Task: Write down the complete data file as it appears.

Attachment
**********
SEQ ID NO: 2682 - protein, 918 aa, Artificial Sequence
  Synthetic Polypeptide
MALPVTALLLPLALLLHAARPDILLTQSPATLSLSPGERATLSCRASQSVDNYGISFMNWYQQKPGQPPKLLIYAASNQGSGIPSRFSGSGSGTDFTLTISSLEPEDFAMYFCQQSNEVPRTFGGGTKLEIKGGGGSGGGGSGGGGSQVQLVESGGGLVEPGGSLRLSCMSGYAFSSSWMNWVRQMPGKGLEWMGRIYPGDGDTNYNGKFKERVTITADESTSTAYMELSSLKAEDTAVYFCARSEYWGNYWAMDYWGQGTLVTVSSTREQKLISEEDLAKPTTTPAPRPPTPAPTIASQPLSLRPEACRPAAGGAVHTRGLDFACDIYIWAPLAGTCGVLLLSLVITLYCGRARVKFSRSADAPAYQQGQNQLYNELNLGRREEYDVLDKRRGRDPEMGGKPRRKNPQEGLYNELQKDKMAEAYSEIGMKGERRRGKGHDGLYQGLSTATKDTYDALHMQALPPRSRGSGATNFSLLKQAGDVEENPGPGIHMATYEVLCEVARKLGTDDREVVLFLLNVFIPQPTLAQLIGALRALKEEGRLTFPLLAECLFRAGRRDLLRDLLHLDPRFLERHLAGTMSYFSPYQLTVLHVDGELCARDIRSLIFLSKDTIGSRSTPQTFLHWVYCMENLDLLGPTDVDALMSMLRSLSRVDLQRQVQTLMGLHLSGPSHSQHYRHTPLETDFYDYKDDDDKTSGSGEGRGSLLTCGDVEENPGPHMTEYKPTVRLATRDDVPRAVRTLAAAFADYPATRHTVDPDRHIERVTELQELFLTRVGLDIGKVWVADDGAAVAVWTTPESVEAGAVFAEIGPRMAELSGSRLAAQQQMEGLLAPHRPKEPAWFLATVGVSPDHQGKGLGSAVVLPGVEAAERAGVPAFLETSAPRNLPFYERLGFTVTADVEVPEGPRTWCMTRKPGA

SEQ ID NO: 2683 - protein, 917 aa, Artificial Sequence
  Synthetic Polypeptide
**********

SEQ ID NO: 2682 - protein, 918 aa, Artificial Sequence
  Synthetic Polypeptide
MALPVTALLLPLALLLHAARPDILLTQSPATLSLSPGERATLSCRASQSVDNYGISFMNWYQQKPGQPPKLLIYAASNQGSGIPSRFSGSGSGTDFTLTISSLEPEDFAMYFCQQSNEVPRTFGGGTKLEIKGGGGSGGGGSGGGGSQVQLVESGGGLVEPGGSLRLSCMSGYAFSSSWMNWVRQMPGKGLEWMGRIYPGDGDTNYNGKFKERVTITADESTSTAYMELSSLKAEDTAVYFCARSEYWGNYWAMDYWGQGTLVTVSSTREQKLISEEDLAKPTTTPAPRPPTPAPTIASQPLSLRPEACRPAAGGAVHTRGLDFACDIYIWAPLAGTCGVLLLSLVITLYCGRARVKFSRSADAPAYQQGQNQLYNELNLGRREEYDVLDKRRGRDPEMGGKPRRKNPQEGLYNELQKDKMAEAYSEIGMKGERRRGKGHDGLYQGLSTATKDTYDALHMQALPPRSRGSGATNFSLLKQAGDVEENPGPGIHMATYEVLCEVARKLGTDDREVVLFLLNVFIPQPTLAQLIGALRALKEEGRLTFPLLAECLFRAGRRDLLRDLLHLDPRFLERHLAGTMSYFSPYQLTVLHVDGELCARDIRSLIFLSKDTIGSRSTPQTFLHWVYCMENLDLLGPTDVDALMSMLRSLSRVDLQRQVQTLMGLHLSGPSHSQHYRHTPLETDFYDYKDDDDKTSGSGEGRGSLLTCGDVEENPGPHMTEYKPTVRLATRDDVPRAVRTLAAAFADYPATRHTVDPDRHIERVTELQELFLTRVGLDIGKVWVADDGAAVAVWTTPESVEAGAVFAEIGPRMAELSGSRLAAQQQMEGLLAPHRPKEPAWFLATVGVSPDHQGKGLGSAVVLPGVEAAERAGVPAFLETSAPRNLPFYERLGFTVTADVEVPEGPRTWCMTRKPGA

SEQ ID NO: 2683 - protein, 917 aa, Artificial Sequence
  Synthetic Polypeptide